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Hidden Transmitter Syndrome and Exposed Receiver Syndrome

See also FAQ: CSMA

Over‑The‑Horizon packet radio
Most packet radio is operated on a channel where there are some number of stations on the air, talking and listening. The count of stations with traffic to send to the channel varies as the evening wears on. Each station with something to send independently listens for the channel to become quiet and then keys up and sends a packet. Some of the stations on the channel are close enough to your station that you can avoid transmitting so as to not collide. But some are over a hill or just too far away and you may transmit at the same time as those distant stations. The use of a mid-point digipeater or node to relay is based on the premise that a station cannot hear another station they want to send traffic to. The originating station will send to the digipeater and then the digipeater will send to the final destination.

Hidden Transmitter Syndrome (HTS)
When a station (call him Bimaldo) goes to transmit, it is trying to talk to one particular other station, Kal‑el, (assuming we are in CONNECT mode here). It is quite possible that Lex, another station on frequency, can't hear Bimaldo at all, but is stronger to Kal‑el than Bimaldo. Bimaldo transmits, and just in the middle of his transmission, Lex hits the ‹ENTER› key and hearing nothing, his TNC sends a packet, blotting out Bimaldo's transmission. See diagram.
Hidden Transmitter Syndrome means that one of your stations is able to talk to the high station, but can't be heard by one or more of the other low stations, and so the transmissions collide, causing each station to attempt to retry. If the transmission density is enough (too many transmissions, not enough clear‑channel‑time) then when the retries start, the problem cascades. This cascade would be evident by low enough clear channel time that no messages get through. Eventually many of the stations will retry‑out and disconnect.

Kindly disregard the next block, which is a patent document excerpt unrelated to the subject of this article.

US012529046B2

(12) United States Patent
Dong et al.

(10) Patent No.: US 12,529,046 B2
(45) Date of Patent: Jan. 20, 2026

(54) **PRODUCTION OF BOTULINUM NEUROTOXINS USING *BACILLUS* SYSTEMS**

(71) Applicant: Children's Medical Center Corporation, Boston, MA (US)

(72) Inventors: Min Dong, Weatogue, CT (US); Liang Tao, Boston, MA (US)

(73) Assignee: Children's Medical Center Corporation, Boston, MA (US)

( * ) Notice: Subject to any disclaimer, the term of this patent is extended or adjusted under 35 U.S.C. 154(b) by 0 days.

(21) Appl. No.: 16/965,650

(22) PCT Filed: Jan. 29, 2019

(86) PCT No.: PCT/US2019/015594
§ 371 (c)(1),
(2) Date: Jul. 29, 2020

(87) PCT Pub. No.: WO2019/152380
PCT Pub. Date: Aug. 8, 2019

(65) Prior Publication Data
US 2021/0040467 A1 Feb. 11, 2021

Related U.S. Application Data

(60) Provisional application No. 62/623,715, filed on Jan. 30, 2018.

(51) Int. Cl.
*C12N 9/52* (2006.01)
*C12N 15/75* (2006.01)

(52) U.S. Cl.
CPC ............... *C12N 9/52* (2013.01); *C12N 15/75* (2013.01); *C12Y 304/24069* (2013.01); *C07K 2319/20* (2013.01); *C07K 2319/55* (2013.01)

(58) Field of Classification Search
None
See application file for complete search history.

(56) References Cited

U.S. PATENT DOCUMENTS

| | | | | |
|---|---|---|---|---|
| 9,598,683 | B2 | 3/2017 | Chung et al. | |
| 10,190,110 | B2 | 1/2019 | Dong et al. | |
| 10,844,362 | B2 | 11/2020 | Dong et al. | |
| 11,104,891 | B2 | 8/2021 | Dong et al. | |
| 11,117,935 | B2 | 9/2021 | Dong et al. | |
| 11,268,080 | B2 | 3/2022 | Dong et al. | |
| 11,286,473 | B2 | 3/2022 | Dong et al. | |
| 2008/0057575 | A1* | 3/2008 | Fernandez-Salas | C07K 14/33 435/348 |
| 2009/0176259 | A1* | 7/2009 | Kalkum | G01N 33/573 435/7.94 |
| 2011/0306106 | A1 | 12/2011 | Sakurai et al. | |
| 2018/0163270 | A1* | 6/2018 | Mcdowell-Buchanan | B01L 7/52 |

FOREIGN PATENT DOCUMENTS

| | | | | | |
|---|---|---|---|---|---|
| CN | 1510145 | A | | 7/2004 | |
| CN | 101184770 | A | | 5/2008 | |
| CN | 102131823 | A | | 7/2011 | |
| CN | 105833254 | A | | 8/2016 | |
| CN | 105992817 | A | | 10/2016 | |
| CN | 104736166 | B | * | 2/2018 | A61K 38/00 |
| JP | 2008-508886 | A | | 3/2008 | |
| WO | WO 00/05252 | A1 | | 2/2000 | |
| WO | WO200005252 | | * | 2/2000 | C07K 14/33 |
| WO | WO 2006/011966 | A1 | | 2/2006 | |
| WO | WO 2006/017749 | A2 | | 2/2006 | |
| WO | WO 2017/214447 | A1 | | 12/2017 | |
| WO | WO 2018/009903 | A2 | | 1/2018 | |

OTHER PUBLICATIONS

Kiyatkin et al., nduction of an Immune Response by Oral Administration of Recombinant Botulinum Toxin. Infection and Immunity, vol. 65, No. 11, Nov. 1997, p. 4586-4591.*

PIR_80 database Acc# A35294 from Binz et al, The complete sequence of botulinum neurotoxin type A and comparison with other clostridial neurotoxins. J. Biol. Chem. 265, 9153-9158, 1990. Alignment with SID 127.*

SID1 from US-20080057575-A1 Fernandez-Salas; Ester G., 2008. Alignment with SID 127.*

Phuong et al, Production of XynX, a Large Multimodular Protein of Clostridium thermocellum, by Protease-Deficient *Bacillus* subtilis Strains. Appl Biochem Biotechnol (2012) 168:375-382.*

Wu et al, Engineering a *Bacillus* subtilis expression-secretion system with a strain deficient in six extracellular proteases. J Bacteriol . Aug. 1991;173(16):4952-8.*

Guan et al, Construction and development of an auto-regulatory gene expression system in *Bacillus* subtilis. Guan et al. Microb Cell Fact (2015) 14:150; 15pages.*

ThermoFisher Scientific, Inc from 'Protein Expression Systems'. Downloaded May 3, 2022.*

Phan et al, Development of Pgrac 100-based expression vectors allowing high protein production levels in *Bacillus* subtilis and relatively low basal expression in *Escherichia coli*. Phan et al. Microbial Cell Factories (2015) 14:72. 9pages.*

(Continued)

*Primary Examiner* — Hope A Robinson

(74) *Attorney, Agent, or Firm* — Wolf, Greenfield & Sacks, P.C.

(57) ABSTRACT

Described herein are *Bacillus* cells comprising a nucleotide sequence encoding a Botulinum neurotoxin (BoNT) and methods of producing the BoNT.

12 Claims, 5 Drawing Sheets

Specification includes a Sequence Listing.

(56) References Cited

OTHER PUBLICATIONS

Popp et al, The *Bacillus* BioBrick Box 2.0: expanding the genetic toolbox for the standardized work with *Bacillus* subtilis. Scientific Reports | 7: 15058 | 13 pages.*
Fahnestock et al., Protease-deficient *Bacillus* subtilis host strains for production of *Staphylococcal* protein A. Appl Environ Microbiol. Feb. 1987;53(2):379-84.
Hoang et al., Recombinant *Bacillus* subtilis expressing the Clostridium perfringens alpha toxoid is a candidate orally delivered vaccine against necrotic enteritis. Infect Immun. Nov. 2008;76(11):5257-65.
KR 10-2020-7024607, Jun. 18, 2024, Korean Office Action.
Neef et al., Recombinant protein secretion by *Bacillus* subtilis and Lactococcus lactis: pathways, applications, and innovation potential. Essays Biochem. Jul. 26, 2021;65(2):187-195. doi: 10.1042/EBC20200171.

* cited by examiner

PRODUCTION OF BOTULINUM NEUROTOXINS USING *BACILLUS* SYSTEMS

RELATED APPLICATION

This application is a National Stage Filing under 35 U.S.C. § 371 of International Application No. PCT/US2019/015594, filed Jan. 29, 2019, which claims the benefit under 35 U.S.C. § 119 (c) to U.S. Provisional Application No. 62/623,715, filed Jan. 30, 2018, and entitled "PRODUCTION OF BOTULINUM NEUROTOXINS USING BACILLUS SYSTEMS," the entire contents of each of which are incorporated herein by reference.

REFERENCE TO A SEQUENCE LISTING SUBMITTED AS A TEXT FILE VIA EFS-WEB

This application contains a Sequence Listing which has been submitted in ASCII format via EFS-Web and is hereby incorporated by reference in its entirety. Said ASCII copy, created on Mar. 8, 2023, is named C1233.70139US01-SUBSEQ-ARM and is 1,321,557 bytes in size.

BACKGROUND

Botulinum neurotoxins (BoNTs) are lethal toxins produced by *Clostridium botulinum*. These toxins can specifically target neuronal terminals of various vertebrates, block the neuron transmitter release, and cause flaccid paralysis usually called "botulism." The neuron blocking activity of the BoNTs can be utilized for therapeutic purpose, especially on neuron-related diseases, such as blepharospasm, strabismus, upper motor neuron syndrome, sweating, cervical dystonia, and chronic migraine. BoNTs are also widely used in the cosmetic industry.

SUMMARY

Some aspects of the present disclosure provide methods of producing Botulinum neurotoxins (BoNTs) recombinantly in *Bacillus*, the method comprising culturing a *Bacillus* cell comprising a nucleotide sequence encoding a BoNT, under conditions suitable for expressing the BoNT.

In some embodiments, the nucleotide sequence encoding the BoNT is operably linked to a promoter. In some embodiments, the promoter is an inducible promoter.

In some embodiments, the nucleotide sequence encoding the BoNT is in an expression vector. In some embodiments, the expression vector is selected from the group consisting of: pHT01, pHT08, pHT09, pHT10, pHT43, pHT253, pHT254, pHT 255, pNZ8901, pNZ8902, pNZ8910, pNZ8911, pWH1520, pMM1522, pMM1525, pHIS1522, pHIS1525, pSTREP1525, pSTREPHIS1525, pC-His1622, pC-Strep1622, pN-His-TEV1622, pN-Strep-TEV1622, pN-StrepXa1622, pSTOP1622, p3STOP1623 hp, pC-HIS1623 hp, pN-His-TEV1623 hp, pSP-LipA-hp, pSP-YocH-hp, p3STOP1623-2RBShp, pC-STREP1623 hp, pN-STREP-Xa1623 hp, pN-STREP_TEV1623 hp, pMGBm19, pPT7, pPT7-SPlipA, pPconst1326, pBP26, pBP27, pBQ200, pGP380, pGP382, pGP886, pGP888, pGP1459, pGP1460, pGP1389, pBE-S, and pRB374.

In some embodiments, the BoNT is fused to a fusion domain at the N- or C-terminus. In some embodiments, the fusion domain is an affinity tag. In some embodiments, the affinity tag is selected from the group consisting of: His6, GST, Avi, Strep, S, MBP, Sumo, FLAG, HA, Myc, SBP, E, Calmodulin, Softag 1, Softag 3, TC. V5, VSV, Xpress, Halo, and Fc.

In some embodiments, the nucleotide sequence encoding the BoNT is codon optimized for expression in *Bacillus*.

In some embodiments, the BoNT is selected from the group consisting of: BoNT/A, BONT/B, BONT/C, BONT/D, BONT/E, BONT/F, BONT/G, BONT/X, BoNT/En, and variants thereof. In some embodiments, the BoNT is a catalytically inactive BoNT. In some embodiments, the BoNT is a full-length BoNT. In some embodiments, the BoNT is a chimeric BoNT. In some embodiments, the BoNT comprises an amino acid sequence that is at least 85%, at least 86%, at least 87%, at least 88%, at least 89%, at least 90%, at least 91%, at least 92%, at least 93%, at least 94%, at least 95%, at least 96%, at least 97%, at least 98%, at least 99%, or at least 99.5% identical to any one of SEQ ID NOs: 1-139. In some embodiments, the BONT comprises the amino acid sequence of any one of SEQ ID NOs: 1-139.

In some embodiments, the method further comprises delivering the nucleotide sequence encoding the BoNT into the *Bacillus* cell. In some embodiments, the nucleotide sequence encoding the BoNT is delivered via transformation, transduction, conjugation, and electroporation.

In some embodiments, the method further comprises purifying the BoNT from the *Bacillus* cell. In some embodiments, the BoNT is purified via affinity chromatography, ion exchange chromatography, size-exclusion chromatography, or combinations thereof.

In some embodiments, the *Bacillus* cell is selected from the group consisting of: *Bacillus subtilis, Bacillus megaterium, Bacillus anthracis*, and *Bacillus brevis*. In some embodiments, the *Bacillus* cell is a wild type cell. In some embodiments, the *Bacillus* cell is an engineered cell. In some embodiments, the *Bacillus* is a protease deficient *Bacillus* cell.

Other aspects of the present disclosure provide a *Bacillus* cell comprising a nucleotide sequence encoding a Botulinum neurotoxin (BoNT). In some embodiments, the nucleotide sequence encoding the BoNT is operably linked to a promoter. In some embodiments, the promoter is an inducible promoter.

A remedy for HTS is to impose obligatory spacing between transmissions for each station. Good automation would dramatically increase the spacing each time a transmission fails to get through, and then to make smaller reductions in the spacing after each success. Other remedies include

  • establishing a control system to provide channel permission for each station (DAMA)
  • restrict channel access to a select few stations having appropriate timing adjustments to compensate for the number of stations.
  • install a low-latency repeater system and run all traffic through the repeater instead of the simplex channel
  • have a separate channel for each station to station connection, completely eliminating the chance for collisions
Lex transmits when his receiver can't hear anything, trashing Bimaldo's message

Exposed Receiver Syndrome (ERS)

Exposed Receiver Syndrome is caused because CSMA makes packet stations hold back on transmitting if they hear any other station talking already. They wait until the channel is entirely clear before they can transmit.
Consider this scenario:
There are multiple services on the channel and multiple stations trying to work them.
There is a high station like Kal‑el, which is being asked to relay traffic, or is attempting to answer some request. Because of CSMA, Kal‑el is not allowed to transmit until it hears a quiet channel. However, Kal-el is so well placed that he never gets a quiet channel, so he never transmits. It's so bad that people think that Kal‑el is broken.

Having a receiver so well placed that it rarely or never hears a quiet channel is called Exposed Receiver Syndrome, or ERS.

Common causes of ERS include having multiple well placed relay stations on the same frequency, but located such that they hear different sets of low‑level stations, as well as each other.

© Tadd Torborg, 2014↝2022 -- all rights reserved